How do solar panels behave?

Discussion in 'General Electronics Chat' started by strantor, Jul 27, 2012.

  1. strantor

    Thread Starter AAC Fanatic!

    Oct 3, 2010
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    Quoted from this ebay auction:
    Is the paragraph true? Do the cells work like batteries, and their power output is dependent on their internal resistance? So by putting one cell with a higher IR in series with others of a lower IR it would limit the current?

    How can the cell put out more current (8.4A) in any situation than it does when shorted (8.1A)? If this is true, it makes me think that the amp output is not dependent on internal resistance.

    Ho do the cells behave in <100% sunlight? If there is cloud cover, does the amp output go down or does the voltage go down?

    Will the voltage sag like a battery? For example, when they tested the short circuit current and read 8.1A, can I assume that the voltage output was definitely NOT still .51V?
     
  2. aaval002

    New Member

    Jul 22, 2012
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    I'm only going to answer this question: "<100% sunlight? If there is cloud cover, does the amp output go down or does the voltage go down?" since I believe it is the easiest.

    Yes, if there is a cloud over, the amperage will go down, the voltage might not be affected as much. I worked on a project which involved solar panels and wind turbines as power sources, the most difficult thing to get was amperage. Our volt meter usually displayed a stable 22Volts whether there were clouds, or even inside a building. The problem was the amperage, to get a high amperage the sun had to be shining like we were in the desert, perfect almost no clouds condition.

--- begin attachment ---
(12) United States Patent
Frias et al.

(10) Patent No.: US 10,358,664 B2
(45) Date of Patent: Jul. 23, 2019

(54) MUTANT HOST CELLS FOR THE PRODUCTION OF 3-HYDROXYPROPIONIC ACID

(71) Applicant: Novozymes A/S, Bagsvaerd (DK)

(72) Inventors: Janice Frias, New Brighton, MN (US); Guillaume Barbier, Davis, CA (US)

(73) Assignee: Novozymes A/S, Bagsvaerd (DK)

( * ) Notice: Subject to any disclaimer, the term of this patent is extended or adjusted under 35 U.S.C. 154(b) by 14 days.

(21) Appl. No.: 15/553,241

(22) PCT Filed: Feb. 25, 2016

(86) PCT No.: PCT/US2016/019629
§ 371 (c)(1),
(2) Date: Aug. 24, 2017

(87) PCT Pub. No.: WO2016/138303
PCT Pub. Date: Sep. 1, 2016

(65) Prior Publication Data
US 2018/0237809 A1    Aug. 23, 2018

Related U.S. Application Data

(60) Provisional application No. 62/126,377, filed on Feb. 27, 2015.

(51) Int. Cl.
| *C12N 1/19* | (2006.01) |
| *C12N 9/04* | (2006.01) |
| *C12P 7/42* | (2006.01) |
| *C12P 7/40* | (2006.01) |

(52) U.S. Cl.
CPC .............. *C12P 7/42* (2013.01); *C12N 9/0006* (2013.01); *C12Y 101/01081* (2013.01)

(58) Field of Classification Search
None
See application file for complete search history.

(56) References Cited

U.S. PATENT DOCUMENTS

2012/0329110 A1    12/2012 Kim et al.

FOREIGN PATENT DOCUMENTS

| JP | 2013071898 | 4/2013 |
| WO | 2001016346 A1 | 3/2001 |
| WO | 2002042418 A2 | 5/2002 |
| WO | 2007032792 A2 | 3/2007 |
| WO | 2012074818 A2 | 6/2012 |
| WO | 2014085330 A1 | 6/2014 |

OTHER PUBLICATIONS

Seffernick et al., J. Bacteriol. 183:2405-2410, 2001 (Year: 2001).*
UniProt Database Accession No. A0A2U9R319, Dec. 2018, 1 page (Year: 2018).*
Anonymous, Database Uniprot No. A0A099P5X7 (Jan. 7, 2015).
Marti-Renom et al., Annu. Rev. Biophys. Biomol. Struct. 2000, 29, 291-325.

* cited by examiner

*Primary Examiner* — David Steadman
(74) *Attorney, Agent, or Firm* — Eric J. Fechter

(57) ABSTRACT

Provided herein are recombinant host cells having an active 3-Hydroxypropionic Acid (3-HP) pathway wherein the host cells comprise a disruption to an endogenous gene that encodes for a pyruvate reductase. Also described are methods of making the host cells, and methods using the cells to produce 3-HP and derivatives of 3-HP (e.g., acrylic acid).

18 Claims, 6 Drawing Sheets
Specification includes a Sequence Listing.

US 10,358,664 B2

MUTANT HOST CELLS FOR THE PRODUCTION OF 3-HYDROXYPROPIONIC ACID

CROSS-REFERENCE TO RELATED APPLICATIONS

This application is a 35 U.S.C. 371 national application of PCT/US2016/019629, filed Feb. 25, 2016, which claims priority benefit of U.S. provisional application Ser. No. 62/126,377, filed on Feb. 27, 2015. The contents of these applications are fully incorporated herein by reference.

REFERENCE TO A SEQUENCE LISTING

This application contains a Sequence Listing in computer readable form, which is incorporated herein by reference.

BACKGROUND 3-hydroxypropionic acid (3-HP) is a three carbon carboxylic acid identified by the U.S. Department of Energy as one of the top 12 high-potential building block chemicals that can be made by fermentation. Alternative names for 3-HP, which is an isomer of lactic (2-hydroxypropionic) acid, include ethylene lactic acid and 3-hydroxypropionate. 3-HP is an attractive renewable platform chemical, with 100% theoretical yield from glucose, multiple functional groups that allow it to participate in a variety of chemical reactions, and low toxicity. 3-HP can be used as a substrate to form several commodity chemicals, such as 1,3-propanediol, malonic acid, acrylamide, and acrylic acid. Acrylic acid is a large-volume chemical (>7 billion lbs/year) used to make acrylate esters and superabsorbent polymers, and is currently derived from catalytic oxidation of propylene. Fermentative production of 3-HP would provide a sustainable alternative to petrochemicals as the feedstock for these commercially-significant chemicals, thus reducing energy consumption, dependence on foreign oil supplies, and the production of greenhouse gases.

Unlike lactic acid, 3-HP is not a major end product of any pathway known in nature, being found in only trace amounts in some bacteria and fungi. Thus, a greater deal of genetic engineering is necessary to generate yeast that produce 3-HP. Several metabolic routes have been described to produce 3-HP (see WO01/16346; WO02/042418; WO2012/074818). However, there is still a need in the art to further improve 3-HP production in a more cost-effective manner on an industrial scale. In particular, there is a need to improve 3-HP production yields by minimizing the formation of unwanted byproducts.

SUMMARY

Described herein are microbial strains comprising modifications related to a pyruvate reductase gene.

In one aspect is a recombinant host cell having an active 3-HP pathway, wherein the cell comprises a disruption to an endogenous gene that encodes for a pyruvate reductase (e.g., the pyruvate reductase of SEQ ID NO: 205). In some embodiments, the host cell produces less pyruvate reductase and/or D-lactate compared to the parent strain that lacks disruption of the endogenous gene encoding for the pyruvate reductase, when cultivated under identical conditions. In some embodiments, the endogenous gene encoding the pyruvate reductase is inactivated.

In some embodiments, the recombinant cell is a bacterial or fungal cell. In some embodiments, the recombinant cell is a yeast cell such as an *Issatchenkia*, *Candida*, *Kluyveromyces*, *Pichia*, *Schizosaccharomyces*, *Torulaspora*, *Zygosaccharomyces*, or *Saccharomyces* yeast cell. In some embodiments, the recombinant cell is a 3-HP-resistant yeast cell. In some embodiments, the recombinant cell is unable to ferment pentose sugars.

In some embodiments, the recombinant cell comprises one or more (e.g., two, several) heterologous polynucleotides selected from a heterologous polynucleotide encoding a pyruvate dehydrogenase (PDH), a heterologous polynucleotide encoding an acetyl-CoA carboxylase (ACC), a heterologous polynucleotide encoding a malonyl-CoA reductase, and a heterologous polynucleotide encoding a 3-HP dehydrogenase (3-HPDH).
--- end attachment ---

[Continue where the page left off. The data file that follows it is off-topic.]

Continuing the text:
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  3. strantor

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    C'mon I know someone knows this.

    BTW I received a email notification that Dmahalko had replied but it's not here. Was it moderated or what?
     
  4. nsaspook

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  5. Austin Clark

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    Dec 28, 2011
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    Basically, from what I understand (I had many questions about how photovoltaics should be modeled as well), the cells act like diodes except the current through them is "flipped" on the x-axis. So, the higher the voltage, the lower the possible current, and the voltage hardly changes the possible current at all until you get passed a sort of "bias" point (if you want to call it that). Hopefully, this image will help you get what I'm saying: http://4.bp.blogspot.com/-jbCwRIvMpXg/T04ukQwK2NI/AAAAAAAAANE/xxUNJleozUY/s1600/290201.jpg
    The more sunlight that hits the cells, the higher the curve is essentially "pushed up". Now, to figure out the voltage and current output given a resistive load (like a heater or something), you'd use something called a "load-line" to basically plot the operating points of the cell and of the load and find where they intersect. http://en.wikipedia.org/wiki/Load_line_(electronics)

    Hopefully that's all correct and informative enough for your needs. Any extra input from more advanced members would be greatly appreciated by everyone I'm sure.
     
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  6. DMahalko

    Senior Member

    Oct 5, 2008
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    I wrote a reply but then wasn't sure my reply was correct. It looks like what I had intended was correct. :)

    Take a look at this:
    http://www.solar-facts.com/panels/panel-diodes.php

    Solar cells will resistively waste power if they are in the shade, and they don't block reverse flow if they aren't producing power. So at night the cells will actually consume stored power, if there is no blocking diode.